Silva, Michelle S.; Facchini, Gustavo; Silva, Gustavo H.; Picon, Francini C.; Pinheiro, Ana L. T. A.; Pinheiro, Adriano S.; Eberlin, Samara.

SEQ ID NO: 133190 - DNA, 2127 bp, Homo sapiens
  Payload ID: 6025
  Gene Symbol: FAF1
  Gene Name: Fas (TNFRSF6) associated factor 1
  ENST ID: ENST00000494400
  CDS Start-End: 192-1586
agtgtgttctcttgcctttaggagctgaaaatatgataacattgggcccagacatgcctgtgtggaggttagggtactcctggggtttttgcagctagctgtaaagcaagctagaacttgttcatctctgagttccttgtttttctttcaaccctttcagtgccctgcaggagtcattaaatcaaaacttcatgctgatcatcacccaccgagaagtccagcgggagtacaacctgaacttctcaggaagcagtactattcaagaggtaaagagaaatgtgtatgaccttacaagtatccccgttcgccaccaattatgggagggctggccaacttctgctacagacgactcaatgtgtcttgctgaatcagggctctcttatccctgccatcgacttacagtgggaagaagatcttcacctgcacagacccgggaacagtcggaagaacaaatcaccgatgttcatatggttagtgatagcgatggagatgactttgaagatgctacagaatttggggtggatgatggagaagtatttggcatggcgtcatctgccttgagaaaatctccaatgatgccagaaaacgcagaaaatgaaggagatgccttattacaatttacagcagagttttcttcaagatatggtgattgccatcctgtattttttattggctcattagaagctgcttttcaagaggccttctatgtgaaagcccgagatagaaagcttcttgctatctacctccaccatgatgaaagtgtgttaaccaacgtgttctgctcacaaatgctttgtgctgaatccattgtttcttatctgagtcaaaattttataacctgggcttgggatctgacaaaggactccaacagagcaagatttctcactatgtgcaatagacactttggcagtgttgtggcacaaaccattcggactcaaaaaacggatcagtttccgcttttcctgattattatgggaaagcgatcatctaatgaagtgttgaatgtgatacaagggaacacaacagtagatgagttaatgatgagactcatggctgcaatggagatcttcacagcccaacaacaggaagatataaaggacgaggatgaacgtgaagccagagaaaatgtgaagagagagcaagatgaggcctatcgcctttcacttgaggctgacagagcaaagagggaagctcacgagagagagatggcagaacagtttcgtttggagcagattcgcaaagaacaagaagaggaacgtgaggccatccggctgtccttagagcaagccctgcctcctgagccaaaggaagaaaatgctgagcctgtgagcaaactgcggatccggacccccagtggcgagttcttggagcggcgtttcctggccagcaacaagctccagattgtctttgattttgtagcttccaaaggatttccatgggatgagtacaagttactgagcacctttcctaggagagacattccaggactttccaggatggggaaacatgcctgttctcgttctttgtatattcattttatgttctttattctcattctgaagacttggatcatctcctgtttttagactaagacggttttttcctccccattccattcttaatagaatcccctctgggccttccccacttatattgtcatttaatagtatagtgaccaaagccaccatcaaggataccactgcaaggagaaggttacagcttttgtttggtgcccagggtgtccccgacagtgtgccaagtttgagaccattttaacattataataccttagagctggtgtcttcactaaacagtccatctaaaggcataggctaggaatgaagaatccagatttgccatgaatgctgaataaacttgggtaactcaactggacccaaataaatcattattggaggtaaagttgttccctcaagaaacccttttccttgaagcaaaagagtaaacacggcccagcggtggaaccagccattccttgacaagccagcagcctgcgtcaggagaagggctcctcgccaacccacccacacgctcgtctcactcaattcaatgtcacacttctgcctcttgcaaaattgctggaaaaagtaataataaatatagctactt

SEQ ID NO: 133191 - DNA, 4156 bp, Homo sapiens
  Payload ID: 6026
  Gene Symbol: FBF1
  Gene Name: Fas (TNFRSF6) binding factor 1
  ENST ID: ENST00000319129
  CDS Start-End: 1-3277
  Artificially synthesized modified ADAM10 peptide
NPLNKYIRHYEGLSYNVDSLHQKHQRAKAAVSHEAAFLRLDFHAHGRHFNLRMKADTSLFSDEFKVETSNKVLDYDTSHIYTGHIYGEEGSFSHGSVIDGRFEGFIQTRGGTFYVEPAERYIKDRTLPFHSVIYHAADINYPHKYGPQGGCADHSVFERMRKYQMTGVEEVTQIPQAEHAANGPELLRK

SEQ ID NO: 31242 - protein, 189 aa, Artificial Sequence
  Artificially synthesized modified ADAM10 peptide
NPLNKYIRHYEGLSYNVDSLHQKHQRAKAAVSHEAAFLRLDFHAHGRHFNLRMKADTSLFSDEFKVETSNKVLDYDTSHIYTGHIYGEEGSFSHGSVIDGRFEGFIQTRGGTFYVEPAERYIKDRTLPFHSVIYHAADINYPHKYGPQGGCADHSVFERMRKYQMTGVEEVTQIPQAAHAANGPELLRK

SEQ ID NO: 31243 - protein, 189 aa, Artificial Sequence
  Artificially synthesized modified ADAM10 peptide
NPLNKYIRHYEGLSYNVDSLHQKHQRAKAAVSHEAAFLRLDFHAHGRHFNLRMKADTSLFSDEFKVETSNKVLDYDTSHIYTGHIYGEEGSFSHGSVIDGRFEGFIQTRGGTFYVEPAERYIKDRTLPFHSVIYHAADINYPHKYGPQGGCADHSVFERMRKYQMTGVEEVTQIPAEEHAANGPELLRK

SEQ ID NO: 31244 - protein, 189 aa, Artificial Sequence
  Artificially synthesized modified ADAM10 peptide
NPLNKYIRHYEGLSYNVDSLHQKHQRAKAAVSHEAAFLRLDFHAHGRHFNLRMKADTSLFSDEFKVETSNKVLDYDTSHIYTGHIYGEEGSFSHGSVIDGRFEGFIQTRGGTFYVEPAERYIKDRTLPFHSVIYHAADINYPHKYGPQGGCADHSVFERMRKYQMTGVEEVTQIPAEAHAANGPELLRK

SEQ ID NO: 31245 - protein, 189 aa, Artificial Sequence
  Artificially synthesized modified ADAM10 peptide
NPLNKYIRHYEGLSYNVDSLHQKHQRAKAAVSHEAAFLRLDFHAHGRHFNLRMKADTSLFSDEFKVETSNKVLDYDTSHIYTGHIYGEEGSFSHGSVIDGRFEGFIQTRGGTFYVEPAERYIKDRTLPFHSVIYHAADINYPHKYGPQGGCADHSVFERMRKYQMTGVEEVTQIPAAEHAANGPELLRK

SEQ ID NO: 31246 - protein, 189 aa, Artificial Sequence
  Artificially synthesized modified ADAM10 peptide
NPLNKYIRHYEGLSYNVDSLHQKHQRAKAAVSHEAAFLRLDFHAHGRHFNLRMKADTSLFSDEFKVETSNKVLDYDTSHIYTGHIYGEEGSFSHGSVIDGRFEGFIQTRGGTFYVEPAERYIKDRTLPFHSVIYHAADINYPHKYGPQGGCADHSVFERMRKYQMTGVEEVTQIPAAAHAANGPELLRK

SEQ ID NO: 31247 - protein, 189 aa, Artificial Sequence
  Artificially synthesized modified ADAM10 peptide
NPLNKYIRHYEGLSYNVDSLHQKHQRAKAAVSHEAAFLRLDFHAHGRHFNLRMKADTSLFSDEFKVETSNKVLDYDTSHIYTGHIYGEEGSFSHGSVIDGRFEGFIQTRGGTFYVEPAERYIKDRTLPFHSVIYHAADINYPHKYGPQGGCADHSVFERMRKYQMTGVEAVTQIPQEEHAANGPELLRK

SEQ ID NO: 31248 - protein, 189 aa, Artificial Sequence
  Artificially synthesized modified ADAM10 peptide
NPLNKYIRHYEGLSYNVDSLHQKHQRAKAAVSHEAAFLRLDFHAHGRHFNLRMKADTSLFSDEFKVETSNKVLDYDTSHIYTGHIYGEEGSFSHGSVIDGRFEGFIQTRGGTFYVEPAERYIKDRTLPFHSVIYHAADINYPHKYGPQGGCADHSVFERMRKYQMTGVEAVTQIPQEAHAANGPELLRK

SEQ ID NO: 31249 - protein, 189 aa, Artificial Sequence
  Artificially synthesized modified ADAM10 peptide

Cell cultures are essential tools for the development of alternative methods to the use of animals to evaluate the safety of products intended for human use. Many toxic xenobiotics to the respiratory tract not only cause cell death, but also induce pro-inflammatory responses that may potentiate airway injury. Thus, to assess the inhalation toxicity of a product, it is important to have an integrated view of its role in inflammation and apoptosis using a test system that mimics respiratory tract conditions. To develop an experimental model in air-liquid lung cell interface culture to evaluate the inhalation toxicity potential of the volatile components from the hair straightening procedure. Pulmonary fibroblasts cultured in air-liquid interface were exposed in controlled atmosphere during the application of hair straighteners and formaldehyde (15%) in hair tresses. After the procedure the cells were maintained in an incubator for further cellular viability evaluation (MTT) and the mediators Caspase 3/7 and SERCA2. The results showed that the exposure of the cultures to the treatment with straightening promoted cell death - activation of Caspase 3/7 (21.17%, P<0.05) and MTT (11.44%, P<0.01) and reduction of SERCA2 (20.95%, P<0.01) after 1 hour of incubation, but after 24 hours these values were reestablished. On the other hand, the exposure of cell cultures to 15% formalin vapor significantly and irreversibly increased the cell death and inflammatory response, when compared to the baseline group. We observe a decrease of the viability in 74.11% and 76.82% (P<0.001) by MTT technique, an increase of 3.14 and 4.18-fold in Caspase 3/7 activation, and a reduction of SERCA2 in 20.95% and 18.20% (P<0.01), after 1 and 24 hours, respectively. The experimental methodology presented shows an important advance in the evaluation of cosmetic toxicology in the sense of developing tools that allow us to reduce, replace and/or refine the use of experimental animals. In addition, unlike the inhalation toxicity models in animals where the parameter observed is death alone, the air-liquid interface model proposed in the present study allows a broad view of the effect of the hair straightening on the respiratory tract considering even impacts of the inflammatory response.